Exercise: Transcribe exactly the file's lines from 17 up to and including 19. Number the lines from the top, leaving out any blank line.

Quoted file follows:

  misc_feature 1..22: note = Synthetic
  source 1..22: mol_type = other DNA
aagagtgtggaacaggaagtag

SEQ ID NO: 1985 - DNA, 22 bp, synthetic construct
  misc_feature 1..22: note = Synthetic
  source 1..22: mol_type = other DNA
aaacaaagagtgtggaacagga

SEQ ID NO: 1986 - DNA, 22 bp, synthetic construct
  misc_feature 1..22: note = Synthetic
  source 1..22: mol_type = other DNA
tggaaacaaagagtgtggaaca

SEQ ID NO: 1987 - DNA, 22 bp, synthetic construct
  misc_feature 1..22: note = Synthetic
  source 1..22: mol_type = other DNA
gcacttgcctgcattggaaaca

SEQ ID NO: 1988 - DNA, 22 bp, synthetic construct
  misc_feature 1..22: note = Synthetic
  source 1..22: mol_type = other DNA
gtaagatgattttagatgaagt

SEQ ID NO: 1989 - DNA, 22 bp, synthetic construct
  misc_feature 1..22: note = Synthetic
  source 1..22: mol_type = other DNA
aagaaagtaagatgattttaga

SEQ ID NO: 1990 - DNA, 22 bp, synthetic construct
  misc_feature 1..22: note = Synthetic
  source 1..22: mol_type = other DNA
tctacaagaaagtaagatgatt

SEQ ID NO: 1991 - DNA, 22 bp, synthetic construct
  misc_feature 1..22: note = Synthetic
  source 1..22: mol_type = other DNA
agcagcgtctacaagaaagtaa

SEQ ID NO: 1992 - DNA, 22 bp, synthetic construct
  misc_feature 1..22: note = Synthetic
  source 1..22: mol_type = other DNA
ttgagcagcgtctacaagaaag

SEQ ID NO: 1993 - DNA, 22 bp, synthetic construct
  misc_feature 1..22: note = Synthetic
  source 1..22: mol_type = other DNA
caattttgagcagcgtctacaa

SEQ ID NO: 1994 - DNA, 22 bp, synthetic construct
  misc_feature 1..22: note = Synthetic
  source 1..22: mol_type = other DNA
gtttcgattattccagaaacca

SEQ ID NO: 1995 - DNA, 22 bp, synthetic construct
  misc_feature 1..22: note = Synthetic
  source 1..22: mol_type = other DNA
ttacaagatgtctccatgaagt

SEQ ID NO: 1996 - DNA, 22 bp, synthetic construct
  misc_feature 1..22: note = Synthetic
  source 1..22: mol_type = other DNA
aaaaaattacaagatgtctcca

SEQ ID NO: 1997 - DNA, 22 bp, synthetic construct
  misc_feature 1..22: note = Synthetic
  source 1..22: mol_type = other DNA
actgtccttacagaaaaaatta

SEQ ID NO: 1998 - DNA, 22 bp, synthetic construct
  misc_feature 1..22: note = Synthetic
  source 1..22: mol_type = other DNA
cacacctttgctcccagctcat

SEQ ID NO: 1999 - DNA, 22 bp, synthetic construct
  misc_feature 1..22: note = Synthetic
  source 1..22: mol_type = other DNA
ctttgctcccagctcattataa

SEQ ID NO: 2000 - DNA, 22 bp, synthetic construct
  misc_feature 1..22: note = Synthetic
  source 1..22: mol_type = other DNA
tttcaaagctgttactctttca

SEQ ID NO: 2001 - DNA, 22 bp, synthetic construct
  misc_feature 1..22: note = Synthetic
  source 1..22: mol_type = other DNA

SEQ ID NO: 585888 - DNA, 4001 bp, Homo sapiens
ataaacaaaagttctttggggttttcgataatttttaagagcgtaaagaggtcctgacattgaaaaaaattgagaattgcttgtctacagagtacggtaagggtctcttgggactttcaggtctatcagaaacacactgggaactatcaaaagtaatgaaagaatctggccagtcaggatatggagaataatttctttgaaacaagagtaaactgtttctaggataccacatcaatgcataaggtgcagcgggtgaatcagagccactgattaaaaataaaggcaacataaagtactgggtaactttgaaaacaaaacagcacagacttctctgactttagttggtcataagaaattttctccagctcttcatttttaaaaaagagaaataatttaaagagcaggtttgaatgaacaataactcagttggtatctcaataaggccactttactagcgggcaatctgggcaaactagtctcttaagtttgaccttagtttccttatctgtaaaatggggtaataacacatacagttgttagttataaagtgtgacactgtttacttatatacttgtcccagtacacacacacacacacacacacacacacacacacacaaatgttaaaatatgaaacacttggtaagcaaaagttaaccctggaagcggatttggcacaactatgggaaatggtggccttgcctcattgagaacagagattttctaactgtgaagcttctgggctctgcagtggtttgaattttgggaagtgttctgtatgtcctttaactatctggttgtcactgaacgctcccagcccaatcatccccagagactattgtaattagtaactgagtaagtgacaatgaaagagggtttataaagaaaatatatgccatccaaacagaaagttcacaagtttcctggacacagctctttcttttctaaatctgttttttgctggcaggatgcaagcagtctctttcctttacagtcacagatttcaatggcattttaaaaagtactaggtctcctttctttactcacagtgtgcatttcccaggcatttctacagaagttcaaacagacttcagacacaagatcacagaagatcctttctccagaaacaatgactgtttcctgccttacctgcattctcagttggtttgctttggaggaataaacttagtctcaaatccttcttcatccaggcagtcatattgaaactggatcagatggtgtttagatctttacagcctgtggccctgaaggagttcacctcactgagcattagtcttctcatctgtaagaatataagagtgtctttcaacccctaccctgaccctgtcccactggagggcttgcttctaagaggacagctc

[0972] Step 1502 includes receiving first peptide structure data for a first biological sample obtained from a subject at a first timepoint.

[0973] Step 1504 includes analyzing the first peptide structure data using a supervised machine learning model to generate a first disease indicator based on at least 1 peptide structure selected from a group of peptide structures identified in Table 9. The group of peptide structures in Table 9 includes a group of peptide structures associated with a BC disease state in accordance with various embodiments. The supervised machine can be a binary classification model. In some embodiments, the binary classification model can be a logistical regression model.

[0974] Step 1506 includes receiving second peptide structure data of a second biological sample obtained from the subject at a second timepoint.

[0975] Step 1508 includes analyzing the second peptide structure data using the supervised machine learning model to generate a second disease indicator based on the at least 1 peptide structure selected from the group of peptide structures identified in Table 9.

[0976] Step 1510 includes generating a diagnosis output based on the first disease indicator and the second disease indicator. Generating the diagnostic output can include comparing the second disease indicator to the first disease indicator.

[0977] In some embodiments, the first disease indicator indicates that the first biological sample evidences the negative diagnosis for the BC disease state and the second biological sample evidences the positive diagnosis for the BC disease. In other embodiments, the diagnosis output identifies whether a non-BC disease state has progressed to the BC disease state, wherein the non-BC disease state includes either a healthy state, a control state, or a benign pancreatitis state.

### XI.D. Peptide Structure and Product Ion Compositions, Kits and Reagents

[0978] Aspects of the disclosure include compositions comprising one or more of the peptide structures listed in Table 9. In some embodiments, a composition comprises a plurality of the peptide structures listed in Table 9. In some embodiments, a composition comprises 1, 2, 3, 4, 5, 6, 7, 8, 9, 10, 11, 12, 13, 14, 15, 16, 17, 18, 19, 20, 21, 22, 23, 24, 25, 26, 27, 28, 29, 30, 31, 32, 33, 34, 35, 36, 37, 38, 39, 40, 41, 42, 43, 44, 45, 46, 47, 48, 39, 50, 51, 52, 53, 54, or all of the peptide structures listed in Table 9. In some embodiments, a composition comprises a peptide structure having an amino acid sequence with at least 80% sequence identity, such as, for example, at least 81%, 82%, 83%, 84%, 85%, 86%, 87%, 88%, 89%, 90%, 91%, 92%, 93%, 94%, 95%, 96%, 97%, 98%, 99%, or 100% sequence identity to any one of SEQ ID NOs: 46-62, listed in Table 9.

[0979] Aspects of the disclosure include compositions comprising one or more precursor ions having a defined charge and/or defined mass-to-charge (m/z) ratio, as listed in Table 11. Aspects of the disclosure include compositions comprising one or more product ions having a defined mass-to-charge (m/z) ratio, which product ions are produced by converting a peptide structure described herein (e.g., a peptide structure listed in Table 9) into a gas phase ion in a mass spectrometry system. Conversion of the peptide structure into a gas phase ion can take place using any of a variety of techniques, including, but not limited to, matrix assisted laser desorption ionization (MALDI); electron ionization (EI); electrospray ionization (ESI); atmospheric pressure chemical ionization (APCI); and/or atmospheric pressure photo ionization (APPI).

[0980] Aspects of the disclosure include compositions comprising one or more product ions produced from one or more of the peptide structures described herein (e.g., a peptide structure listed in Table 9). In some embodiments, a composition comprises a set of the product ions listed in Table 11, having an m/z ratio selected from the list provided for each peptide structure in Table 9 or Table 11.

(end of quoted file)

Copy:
  misc_feature 1..22: note = Synthetic
  source 1..22: mol_type = other DNA
gtaagatgattttagatgaagt